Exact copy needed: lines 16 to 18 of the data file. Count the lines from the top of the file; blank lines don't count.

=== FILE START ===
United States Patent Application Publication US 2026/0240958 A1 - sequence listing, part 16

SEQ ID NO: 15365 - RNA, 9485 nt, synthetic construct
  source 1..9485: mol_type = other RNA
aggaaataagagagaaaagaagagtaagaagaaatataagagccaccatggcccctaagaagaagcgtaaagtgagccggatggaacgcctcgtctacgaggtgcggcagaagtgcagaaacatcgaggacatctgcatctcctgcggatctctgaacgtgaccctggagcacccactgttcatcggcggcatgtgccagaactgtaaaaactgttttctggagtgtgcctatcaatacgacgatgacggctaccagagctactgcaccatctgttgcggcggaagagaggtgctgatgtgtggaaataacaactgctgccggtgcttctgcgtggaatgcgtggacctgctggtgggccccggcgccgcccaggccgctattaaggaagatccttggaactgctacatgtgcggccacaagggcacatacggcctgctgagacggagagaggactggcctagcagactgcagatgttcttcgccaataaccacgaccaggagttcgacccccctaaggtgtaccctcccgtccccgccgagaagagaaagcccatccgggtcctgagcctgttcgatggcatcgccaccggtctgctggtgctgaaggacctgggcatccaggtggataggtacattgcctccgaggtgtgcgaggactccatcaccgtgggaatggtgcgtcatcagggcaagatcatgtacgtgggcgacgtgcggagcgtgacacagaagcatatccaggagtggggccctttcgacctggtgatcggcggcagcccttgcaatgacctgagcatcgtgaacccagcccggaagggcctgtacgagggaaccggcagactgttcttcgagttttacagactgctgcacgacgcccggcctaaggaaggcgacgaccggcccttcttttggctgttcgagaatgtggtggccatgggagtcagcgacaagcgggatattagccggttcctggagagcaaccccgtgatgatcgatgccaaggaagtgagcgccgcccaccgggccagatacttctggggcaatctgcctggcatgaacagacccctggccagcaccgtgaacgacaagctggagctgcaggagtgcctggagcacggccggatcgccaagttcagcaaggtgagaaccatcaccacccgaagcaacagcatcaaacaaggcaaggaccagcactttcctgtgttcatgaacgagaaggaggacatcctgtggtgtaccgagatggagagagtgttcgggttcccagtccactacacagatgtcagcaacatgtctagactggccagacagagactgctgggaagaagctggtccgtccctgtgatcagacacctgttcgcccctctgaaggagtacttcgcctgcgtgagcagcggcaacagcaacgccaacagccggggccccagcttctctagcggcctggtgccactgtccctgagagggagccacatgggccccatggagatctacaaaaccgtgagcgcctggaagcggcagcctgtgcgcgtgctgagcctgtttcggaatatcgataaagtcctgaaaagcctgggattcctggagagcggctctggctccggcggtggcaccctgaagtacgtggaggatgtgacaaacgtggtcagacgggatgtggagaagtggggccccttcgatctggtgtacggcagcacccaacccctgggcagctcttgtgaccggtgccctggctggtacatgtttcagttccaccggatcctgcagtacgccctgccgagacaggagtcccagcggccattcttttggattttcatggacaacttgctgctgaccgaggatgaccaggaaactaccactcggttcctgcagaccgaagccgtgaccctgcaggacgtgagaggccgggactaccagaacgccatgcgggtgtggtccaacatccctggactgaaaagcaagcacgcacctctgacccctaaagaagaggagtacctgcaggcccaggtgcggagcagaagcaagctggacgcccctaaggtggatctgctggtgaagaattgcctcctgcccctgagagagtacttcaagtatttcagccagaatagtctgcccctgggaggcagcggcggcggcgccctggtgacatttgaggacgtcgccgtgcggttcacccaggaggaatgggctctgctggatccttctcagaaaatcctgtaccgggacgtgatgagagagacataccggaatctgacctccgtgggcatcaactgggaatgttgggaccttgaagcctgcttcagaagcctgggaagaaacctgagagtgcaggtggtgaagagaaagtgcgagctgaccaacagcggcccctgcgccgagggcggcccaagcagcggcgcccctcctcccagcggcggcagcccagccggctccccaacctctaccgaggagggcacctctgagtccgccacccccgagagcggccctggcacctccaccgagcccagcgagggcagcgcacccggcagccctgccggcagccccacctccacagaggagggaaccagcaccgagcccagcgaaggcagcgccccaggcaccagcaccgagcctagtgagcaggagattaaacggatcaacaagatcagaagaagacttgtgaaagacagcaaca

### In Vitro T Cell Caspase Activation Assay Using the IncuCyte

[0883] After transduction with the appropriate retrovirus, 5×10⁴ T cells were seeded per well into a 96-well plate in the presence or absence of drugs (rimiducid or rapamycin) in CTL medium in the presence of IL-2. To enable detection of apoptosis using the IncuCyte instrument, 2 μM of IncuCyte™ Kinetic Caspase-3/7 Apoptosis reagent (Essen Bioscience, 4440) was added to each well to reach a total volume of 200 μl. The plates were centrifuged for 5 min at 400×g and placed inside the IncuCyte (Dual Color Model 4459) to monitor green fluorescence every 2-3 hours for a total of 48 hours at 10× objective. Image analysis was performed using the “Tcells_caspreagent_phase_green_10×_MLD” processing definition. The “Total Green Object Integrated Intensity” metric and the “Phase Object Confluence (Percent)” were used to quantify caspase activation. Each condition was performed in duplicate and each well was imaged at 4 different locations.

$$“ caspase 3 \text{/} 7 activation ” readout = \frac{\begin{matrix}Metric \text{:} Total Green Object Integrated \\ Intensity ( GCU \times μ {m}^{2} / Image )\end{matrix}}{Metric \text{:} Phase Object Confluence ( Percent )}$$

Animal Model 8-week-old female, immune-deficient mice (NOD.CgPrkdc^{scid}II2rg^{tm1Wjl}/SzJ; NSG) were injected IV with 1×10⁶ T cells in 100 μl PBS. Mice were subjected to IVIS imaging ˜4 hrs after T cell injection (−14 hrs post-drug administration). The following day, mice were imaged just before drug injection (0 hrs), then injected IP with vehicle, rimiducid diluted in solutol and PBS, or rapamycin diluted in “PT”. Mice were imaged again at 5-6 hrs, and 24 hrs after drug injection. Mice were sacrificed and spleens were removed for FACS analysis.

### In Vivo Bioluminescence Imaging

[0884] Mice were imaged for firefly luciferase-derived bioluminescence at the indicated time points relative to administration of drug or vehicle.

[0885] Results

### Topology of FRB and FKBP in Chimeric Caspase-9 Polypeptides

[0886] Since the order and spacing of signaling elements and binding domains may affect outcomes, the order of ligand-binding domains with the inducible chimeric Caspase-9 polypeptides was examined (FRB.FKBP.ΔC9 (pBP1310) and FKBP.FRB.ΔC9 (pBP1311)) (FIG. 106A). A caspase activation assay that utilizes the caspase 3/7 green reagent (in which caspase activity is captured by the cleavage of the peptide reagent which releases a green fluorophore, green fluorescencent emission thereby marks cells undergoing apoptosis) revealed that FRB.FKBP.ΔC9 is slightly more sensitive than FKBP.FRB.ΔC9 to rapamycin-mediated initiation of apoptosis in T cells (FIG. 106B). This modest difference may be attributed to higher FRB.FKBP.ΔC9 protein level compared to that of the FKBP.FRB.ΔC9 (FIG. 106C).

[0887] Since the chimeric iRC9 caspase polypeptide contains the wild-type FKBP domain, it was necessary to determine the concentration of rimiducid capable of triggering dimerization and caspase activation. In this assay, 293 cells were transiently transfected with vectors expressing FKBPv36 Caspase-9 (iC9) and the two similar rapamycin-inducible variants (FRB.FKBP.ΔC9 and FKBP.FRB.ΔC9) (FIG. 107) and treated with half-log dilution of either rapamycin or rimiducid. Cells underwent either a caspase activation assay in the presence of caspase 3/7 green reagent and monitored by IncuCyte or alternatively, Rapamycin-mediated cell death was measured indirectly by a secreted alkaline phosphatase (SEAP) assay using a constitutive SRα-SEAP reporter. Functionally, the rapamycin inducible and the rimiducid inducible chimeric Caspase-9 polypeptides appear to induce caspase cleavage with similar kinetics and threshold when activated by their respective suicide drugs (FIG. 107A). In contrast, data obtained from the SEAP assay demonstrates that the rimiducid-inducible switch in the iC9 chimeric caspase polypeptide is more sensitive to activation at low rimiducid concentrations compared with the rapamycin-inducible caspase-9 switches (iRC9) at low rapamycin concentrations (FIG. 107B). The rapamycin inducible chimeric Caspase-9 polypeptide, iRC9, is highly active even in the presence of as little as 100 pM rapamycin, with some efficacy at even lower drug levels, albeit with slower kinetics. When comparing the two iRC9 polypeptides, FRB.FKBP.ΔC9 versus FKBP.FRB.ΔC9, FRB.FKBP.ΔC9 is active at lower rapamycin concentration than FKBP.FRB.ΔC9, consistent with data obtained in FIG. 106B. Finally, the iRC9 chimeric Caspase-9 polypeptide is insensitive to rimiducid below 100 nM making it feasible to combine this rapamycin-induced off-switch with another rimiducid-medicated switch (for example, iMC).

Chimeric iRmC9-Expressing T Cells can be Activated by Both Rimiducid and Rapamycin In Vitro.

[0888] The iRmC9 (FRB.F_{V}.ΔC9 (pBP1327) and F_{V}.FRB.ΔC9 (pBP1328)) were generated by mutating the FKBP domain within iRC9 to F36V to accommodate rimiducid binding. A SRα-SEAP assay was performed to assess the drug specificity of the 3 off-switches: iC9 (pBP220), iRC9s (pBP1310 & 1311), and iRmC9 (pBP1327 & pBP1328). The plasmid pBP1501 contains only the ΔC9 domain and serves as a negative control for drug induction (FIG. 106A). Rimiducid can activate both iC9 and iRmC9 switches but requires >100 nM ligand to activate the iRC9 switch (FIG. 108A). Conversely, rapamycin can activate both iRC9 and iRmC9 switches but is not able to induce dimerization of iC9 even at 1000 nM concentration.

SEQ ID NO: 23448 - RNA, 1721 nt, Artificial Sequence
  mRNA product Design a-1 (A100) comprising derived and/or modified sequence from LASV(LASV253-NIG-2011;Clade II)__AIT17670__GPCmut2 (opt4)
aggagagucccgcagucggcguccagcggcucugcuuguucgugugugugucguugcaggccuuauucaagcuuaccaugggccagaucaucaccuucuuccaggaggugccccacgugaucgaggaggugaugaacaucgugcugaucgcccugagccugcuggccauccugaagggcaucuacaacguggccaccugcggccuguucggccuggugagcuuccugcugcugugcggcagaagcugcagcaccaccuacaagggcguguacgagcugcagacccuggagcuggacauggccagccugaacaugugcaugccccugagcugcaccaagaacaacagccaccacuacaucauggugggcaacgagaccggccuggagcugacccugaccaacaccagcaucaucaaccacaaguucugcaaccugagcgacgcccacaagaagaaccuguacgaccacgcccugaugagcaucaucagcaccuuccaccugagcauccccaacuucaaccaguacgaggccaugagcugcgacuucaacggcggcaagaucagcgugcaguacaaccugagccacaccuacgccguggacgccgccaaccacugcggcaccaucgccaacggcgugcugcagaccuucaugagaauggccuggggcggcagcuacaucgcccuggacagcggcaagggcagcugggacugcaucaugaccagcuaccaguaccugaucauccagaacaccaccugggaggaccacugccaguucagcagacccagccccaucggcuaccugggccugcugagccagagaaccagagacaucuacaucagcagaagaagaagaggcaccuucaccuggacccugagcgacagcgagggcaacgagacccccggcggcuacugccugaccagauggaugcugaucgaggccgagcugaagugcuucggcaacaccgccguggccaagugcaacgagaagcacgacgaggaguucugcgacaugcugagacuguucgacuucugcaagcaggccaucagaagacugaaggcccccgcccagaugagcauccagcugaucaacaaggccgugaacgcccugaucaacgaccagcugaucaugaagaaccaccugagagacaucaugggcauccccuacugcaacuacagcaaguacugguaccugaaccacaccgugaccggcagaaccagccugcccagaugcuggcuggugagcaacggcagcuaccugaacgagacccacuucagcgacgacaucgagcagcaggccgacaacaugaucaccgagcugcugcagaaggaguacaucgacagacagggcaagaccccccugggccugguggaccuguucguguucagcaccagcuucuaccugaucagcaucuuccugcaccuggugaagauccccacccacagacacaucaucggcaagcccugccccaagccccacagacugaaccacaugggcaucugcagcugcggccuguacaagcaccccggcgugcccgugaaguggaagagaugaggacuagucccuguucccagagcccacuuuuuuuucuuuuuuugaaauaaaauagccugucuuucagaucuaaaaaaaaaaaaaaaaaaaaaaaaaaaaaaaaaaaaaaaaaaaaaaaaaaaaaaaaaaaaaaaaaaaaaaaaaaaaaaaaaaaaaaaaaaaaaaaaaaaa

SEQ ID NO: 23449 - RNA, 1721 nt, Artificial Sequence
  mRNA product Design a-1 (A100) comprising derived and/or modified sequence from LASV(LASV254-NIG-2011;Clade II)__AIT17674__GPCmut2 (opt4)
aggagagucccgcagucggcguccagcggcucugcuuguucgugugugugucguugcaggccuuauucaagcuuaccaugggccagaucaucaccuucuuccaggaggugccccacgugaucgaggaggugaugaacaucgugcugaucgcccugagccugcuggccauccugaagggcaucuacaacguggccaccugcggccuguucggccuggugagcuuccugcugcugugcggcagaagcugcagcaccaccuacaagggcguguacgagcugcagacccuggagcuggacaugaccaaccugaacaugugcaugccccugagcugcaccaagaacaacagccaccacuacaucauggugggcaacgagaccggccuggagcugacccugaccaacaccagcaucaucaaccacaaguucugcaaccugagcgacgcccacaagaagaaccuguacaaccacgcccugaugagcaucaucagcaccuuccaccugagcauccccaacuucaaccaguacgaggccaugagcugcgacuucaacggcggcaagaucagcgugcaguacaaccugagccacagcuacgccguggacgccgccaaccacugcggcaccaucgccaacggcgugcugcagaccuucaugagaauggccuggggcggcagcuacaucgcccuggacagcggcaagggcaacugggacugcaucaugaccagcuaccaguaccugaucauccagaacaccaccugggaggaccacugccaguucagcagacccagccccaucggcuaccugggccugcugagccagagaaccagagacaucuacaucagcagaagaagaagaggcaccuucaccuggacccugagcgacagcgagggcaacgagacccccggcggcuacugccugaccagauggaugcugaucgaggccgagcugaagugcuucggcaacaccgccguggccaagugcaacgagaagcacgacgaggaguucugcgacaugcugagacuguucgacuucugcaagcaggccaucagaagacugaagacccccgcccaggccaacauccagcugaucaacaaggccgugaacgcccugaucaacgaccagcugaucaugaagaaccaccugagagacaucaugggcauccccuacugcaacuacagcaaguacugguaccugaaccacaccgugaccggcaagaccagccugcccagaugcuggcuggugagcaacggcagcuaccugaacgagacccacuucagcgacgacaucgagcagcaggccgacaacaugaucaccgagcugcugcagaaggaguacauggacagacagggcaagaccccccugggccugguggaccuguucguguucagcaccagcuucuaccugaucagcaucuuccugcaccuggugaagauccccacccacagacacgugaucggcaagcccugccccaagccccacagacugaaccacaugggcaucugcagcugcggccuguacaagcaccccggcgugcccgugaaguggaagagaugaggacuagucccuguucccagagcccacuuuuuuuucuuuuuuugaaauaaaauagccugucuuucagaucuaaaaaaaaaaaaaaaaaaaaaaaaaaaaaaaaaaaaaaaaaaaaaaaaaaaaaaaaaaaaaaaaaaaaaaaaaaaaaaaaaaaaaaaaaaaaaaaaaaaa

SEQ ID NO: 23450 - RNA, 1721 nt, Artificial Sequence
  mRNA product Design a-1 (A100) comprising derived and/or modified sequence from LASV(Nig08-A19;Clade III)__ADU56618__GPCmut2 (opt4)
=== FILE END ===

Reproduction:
[0888] The iRmC9 (FRB.F_{V}.ΔC9 (pBP1327) and F_{V}.FRB.ΔC9 (pBP1328)) were generated by mutating the FKBP domain within iRC9 to F36V to accommodate rimiducid binding. A SRα-SEAP assay was performed to assess the drug specificity of the 3 off-switches: iC9 (pBP220), iRC9s (pBP1310 & 1311), and iRmC9 (pBP1327 & pBP1328). The plasmid pBP1501 contains only the ΔC9 domain and serves as a negative control for drug induction (FIG. 106A). Rimiducid can activate both iC9 and iRmC9 switches but requires >100 nM ligand to activate the iRC9 switch (FIG. 108A). Conversely, rapamycin can activate both iRC9 and iRmC9 switches but is not able to induce dimerization of iC9 even at 1000 nM concentration.

SEQ ID NO: 23448 - RNA, 1721 nt, Artificial Sequence
  mRNA product Design a-1 (A100) comprising derived and/or modified sequence from LASV(LASV253-NIG-2011;Clade II)__AIT17670__GPCmut2 (opt4)